EV Sales Are Thriving: How The US Can Stay In The Race


The Surprising Growth of EV Sales in the US

Despite recent headlines painting a picture of a struggling electric vehicle (EV) industry in the US, the truth is quite the opposite. EV sales in the country have actually seen a remarkable 50% increase in the third quarter compared to the previous year, outpacing sales in any other automotive segment. In fact, total sales are predicted to surpass 1 million for the first time in history.

Key Takeaway

EV sales in the US are thriving, with a 50% increase in the third quarter compared to the previous year. Around 67% of US citizens are open to buying an EV, recognizing their societal and personal benefits. This indicates a strong demand for EVs in the country.

According to S&P Global Mobility, approximately 67% of US citizens are open to buying an EV, recognizing the numerous advantages they offer on both societal and personal levels. From creating jobs and reducing dependence on foreign fossil fuels to combating climate change, EVs are becoming increasingly appealing to consumers who also appreciate their lower maintenance requirements, freedom from fluctuating gas prices, and enjoyable driving experience.

The Need for the US to Catch Up in the Global EV Race

Although the US is experiencing significant growth in EV sales, it still lags behind in the global competition. Some even argue for a slowdown in adopting EVs, but this would only result in the US producing fewer EVs, thus leading to fewer job opportunities. The economic impact of such a decision cannot be ignored.

Several crucial factors tip the scales in favor of countries leading in the EV race, including competitive prices, a well-established charging infrastructure, diverse consumer choice, and a strong domestic supply chain. Simply focusing on consumer demand without addressing these broader ecosystem aspects is insufficient. The US must wholeheartedly embrace EVs and actively foster an environment that supports their adoption.

Looking at the global market, it becomes evident that EVs are gaining traction. The Tesla Model Y, for example, is not only the best-selling electric car but the best-selling car overall in the world. In Europe, 21.6% of all new vehicle registrations in 2022 were EVs, while in China, 50% of consumers expressed a likelihood of purchasing an EV as their next vehicle. In the US, EVs accounted for 5% of new car sales in January 2023, and that number increased to 7% by September.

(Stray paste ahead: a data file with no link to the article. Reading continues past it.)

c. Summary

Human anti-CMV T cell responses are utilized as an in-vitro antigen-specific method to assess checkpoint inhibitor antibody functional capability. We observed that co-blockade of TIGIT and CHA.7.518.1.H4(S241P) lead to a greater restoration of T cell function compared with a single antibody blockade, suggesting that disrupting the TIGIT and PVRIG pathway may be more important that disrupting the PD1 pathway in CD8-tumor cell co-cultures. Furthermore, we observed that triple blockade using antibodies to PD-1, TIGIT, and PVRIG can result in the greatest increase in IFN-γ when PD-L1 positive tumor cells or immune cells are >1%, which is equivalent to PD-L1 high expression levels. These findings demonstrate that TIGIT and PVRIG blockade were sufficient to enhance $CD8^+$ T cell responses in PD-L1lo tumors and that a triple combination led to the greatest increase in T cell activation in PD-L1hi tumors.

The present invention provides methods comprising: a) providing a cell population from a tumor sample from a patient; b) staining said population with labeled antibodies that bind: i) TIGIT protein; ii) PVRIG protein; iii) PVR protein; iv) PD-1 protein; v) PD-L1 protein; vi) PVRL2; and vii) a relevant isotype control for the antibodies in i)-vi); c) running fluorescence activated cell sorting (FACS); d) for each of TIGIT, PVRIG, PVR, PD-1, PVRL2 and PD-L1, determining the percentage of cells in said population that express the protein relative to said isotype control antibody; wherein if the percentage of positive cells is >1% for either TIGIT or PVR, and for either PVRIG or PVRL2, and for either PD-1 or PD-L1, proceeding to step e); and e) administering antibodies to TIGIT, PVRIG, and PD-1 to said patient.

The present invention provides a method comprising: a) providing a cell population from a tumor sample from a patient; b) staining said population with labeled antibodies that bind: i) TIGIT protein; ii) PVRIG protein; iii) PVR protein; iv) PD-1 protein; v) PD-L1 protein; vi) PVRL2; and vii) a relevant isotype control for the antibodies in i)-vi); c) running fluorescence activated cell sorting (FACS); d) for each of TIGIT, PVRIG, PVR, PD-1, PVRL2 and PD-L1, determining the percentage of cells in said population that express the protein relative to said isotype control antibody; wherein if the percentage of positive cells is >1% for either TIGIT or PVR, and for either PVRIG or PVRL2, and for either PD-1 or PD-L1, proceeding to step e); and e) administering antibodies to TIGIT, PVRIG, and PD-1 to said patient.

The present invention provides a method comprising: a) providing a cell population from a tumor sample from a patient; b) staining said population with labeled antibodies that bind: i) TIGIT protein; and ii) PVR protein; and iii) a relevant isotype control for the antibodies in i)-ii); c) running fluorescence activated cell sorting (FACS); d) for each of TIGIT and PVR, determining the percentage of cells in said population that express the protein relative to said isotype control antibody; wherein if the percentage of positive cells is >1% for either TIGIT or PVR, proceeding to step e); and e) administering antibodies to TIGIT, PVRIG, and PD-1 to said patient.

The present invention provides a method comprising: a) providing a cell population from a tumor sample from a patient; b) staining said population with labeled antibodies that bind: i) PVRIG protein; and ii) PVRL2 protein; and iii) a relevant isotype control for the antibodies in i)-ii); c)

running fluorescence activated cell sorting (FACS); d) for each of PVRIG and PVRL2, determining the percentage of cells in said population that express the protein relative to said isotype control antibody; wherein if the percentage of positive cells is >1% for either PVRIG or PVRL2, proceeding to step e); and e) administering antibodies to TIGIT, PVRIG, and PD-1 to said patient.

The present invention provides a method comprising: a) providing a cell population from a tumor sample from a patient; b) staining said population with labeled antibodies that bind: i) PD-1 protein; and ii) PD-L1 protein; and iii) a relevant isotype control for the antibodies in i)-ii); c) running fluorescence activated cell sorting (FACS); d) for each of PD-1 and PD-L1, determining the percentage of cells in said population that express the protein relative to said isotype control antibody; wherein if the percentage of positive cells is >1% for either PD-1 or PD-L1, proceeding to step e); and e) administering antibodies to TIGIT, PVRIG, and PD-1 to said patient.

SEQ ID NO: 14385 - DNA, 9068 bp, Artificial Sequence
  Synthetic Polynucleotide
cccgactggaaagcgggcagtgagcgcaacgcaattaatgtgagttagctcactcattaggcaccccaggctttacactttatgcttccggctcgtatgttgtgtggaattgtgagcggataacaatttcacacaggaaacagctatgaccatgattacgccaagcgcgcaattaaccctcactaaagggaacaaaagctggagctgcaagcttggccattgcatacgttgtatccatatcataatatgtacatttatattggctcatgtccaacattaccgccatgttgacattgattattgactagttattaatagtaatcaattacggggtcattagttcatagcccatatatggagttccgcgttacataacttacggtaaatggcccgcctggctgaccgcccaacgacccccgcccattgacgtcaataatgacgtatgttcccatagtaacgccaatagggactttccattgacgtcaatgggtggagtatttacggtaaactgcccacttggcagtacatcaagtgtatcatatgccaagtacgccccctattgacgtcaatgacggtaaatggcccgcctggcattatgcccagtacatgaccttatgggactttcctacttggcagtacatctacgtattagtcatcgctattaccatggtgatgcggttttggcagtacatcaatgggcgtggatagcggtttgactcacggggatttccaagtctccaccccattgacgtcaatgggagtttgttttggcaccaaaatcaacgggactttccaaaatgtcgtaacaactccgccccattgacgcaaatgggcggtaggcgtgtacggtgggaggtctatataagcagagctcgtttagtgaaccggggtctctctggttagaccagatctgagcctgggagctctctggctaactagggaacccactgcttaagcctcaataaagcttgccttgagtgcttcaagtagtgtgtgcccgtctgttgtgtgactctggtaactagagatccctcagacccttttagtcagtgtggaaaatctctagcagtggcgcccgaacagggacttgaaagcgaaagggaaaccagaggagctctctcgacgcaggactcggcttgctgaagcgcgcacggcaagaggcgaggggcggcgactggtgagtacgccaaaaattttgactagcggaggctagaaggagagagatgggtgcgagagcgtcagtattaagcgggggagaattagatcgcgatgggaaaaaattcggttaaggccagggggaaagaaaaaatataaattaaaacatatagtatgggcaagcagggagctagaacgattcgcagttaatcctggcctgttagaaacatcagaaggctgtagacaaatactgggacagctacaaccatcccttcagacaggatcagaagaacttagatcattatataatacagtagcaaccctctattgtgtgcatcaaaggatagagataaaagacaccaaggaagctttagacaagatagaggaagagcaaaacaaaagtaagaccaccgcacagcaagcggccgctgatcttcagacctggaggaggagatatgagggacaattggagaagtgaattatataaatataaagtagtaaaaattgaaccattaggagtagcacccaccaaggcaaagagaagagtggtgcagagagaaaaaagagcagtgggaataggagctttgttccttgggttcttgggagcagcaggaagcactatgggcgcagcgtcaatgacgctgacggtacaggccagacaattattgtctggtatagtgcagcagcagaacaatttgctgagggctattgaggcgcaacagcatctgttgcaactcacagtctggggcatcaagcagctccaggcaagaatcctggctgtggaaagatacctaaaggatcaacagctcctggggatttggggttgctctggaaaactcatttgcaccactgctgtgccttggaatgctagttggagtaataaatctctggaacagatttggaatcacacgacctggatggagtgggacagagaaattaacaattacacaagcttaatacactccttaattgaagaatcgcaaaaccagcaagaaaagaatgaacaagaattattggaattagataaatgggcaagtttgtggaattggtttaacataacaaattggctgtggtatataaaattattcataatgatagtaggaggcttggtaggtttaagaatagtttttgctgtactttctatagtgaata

Unfortunately, the US finds itself playing catch-up due to delayed investments and limited advancements in battery technology and charging infrastructure. The country currently relies on Korean and Chinese battery manufacturers. As the largest manufacturing sector in the US, the automotive industry contributes around $2 trillion annually to the economy and supports numerous jobs. To maintain its position in automotive manufacturing technology, the US simply cannot afford to lose momentum in the EV race.

Addressing Challenges to Accelerate EV Adoption

While there may be challenges hindering the seamless transition from gas cars to EVs, they are not insurmountable. Solving these issues requires a comprehensive approach involving public-private partnerships, industry collaborations, and supportive legislation. Fortunately, progress is being made to tackle these roadblocks.

One significant obstacle is the inadequate EV infrastructure in the US. Consumers have valid concerns about a lack of charging stations and accessible power sources. Additionally, less than half of US mayors feel adequately prepared to support widespread EV adoption. To ensure successful EV integration, more charging stations, strengthened power grids, and greater availability of skilled electricians are necessary.

While EV prices have decreased over time, they still remain a barrier for some potential buyers. While there are now over 40 different EV models to choose from, gas cars still offer a wider range of options. Car dealerships also often provide more guidance and expertise on gas cars, making EV purchasing decisions seem more complex. However, these challenges can be overcome with strategic pricing structures and increased consumer education.

In conclusion, it is crucial for the US to remain committed to the EV industry’s growth in order to maintain its leadership position in the global market and sustain manufacturing jobs. Despite the challenges and skepticism that may arise, the US must focus on addressing the barriers to EV adoption, expand the charging infrastructure, and enhance consumer awareness. By doing so, the US can secure its place in the thriving EV race and ensure a sustainable future for the automotive industry.

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